Born Kingston, N.Y., October 15, 1775. Died Kingston, N.Y., September 24, 1852.
John Vanderlyn earned many distinctions in the history of American art, but he also endured many frustrations as an artist and businessman. He began his professional career in the studio of Gilbert Stuart (17551828), and under the patronage of the New York Senator and later Vice President Aaron Burr became the first American painter to study in Paris. Within a few years of his arrival in the French capital, he would also be the first American to exhibit at a French Salon, the first to win a medal at a Salon, and the first successful proponent of a French-inspired neoclassical style. Although his output consisted primarily of portraits, he aspired to elevate American taste through history painting. He also created landscapes in the neoclassical style, including several paintings of Niagara Falls and a panorama of Versailles. Vanderlyns failed business ventures included a set of engravings after his views of Niagara and a Rotunda constructed at great expense to display his panorama and easel paintings.
Vanderlyn was the son and grandson of painters.1 His father Nicholas (17231810) was a glazier-painter and a dealer of painting supplies. His grandfather Pieter (16871778) was a Dutch emigré who painted portraits in the patroon tradition in colonial New York. John received a classical education in his hometown at the Kingston Academy, among many children of New Yorks elite families.2 By the time he graduated, Vanderlyn knew the rudiments of French and Latin and could speak the English and Dutch languages with which he was raised. In 1791 he purchased Charles Le Bruns treatise on art Expression des passion de lâme (1698), from which he copied several of the engravings of emotion-filled facial expressions.3 The following year Vanderlyn apprenticed in New York to a coach painter and print dealer named Thomas Barrow. From 1792 to 1794, Vanderlyn took classes at the Columbian Academy, which had been founded by the Scottish-born painter Archibald Robertson (17651835).4 During a visit to his hometown of Kingston, Vanderlyn created his earliest surviving portrait, a stiffly painted likeness of his brother Nicholas Vanderlyn (1793, Senate House State Historic Site, Kingston, New York).5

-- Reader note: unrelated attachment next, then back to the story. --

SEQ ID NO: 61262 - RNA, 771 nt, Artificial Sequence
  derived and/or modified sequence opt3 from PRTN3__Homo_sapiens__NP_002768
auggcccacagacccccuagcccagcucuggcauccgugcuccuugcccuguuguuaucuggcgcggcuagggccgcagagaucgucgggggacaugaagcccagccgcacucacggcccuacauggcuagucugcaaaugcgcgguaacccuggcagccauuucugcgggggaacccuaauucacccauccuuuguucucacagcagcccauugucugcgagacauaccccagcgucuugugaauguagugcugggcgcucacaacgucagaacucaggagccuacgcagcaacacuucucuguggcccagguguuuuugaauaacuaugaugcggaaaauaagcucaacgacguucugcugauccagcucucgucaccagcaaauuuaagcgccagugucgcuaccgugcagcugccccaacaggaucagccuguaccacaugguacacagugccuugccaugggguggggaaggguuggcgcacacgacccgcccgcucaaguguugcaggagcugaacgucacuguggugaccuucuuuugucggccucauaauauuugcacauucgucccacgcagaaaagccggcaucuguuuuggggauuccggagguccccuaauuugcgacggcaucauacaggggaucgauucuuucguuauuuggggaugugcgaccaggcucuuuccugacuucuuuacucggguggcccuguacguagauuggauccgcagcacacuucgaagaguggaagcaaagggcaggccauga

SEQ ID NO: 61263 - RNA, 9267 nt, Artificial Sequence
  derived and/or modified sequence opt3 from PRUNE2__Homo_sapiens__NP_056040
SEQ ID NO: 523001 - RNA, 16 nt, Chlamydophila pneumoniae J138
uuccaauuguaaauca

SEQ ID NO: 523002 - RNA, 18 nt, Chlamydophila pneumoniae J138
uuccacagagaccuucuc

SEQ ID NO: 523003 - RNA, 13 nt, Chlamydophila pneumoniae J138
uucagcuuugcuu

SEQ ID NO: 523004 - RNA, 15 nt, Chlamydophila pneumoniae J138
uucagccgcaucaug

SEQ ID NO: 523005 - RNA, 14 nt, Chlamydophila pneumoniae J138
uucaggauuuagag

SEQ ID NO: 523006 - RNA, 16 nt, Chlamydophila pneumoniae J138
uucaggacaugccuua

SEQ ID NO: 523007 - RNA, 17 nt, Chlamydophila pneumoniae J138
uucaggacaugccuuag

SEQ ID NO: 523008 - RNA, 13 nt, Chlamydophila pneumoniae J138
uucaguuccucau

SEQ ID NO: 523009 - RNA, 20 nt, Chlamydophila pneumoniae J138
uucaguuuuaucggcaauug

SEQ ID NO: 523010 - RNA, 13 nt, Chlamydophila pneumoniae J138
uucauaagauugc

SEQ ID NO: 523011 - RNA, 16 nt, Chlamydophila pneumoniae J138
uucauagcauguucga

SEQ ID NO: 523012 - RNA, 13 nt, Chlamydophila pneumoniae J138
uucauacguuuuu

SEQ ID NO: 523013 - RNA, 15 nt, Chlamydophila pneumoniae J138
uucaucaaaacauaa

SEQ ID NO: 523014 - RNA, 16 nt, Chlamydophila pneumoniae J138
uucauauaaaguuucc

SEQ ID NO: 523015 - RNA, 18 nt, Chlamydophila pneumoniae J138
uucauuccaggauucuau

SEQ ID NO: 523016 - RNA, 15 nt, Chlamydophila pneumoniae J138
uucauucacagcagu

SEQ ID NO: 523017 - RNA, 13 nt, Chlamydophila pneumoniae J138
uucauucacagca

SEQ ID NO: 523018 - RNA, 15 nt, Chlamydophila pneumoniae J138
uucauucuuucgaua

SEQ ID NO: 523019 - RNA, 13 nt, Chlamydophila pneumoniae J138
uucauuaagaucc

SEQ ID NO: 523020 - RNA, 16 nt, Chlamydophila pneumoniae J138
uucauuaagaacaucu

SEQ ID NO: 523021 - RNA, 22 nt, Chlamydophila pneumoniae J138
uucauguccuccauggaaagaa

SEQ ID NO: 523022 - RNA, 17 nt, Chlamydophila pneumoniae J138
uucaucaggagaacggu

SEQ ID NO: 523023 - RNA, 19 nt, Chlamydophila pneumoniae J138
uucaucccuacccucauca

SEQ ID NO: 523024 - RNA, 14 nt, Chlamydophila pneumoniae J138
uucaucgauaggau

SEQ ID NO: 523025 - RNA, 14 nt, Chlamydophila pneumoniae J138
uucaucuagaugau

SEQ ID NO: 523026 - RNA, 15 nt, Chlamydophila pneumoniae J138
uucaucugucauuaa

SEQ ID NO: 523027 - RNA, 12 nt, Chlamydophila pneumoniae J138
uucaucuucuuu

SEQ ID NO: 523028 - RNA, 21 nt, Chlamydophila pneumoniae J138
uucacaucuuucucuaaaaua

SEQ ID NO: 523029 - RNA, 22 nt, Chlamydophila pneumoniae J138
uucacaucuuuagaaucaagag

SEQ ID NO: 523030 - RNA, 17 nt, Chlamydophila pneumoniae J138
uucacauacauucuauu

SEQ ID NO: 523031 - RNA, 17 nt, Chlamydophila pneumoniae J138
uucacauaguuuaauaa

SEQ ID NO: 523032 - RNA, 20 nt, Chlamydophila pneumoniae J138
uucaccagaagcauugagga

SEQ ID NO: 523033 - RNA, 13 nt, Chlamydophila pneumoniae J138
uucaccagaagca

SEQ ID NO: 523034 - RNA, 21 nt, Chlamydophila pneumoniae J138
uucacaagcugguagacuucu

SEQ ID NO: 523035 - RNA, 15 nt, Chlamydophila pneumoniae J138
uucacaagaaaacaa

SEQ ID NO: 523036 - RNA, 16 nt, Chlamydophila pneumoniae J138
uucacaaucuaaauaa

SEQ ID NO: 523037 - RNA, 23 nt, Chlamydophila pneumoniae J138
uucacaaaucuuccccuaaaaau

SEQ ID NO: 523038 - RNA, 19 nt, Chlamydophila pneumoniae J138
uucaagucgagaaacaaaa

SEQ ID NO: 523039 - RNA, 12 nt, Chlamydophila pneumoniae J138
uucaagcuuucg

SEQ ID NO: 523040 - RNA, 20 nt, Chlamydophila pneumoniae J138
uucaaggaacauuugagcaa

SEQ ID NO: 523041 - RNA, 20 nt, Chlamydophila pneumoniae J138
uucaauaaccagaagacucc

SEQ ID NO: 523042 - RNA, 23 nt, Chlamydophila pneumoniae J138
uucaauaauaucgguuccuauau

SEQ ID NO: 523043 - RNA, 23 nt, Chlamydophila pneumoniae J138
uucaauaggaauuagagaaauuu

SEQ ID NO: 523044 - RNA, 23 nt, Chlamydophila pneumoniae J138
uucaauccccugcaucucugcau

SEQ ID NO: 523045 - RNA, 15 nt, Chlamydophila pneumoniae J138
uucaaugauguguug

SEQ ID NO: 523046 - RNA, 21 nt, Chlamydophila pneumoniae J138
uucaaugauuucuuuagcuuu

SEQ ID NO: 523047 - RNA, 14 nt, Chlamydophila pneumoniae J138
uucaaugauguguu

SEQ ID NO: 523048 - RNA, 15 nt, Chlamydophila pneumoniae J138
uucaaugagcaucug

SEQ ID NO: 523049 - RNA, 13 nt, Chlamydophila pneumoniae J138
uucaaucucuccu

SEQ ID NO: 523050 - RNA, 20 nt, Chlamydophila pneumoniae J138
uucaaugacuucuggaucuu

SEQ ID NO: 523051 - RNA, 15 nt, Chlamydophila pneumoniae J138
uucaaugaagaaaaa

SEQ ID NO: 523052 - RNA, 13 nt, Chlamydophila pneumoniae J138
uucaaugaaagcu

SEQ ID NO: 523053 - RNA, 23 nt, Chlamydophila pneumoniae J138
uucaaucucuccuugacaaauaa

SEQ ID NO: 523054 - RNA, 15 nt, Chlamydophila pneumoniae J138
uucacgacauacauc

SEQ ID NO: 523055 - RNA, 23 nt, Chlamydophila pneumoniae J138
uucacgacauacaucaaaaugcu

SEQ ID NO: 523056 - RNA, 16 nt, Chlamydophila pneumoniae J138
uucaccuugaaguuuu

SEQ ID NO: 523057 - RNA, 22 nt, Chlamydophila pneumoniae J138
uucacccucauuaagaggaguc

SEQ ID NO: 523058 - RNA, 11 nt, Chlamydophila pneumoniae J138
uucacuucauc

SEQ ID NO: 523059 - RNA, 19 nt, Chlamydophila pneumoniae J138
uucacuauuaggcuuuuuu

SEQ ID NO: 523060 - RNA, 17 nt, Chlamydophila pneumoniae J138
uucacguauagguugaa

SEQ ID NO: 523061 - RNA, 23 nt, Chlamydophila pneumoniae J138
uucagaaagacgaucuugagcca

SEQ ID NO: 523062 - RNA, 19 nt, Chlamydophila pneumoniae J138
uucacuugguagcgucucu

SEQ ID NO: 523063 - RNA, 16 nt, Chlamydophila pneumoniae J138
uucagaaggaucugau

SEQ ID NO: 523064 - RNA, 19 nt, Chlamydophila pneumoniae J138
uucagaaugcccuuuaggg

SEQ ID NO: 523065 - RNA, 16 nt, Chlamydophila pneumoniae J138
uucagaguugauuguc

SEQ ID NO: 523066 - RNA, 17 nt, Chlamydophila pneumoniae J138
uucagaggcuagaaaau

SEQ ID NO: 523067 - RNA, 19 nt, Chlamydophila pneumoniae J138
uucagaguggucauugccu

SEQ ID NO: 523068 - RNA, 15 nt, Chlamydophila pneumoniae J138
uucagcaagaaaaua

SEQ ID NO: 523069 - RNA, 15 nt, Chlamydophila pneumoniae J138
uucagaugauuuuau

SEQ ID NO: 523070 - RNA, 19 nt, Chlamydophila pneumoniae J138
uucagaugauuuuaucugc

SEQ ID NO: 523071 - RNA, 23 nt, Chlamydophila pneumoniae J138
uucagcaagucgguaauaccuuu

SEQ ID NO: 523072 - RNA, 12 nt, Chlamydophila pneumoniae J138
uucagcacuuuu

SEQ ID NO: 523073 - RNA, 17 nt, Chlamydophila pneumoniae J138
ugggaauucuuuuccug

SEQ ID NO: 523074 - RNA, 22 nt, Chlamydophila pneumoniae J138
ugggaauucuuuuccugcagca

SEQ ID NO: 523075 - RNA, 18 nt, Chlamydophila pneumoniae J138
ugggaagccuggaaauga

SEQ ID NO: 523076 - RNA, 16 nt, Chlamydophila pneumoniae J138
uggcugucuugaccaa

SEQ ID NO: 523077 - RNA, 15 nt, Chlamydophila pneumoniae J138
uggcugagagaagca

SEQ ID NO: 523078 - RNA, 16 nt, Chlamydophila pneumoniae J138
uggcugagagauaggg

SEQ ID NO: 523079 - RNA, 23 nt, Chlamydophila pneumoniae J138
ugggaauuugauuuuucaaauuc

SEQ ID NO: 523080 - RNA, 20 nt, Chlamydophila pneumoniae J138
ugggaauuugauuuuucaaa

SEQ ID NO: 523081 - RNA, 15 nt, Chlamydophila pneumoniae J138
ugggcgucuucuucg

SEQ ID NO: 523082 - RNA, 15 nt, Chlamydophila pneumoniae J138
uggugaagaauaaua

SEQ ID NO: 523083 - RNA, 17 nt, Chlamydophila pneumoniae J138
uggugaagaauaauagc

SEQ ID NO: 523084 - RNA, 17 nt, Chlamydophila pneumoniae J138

At Barrows shop Vanderlyn met the famous American portraitist Gilbert Stuart, who offered him substantial encouragement. In 1794 Vanderlyn moved into Stuarts studio, where he saw the noted artists portraits of John Jay (17451829), Aaron Burr (17561836), and other prominent New Yorkers.6 Vanderlyn made copies of Stuarts portraits of Burr and Judge Egbert Benson. When Burr saw Vanderlyns portrait of him, he pledged to pay any expenses necessary for the young artist "to cultivate his genius to [the] highest point of Perfection."7 Burrs patronage enabled Vanderlyn to rejoin Stuart in Philadelphia, where he helped fill orders for copies of Stuarts so-called Athenaeum portrait George Washington by blocking in the figure (1796, Museum of Fine Arts, Boston, and National Portrait Gallery, Washington, D.C.).8
Following an extended visit in 1796 to Burrs New York mansion Richmond Hill, Vanderlyn followed his patrons advice to study in Paris. He thus became the first American artist to attempt to advance his career in the French capital rather than in London.9 Burr was an ardent Democratic-Republican, and this was an especially partisan time in the wake of the recent Jay Treaty favoring trade with Britain rather than the American Revolutionary ally France. Burr and Vanderlyn believed that Revolutionary France was a more appropriate place than England to develop a national art suitable for the new American republic.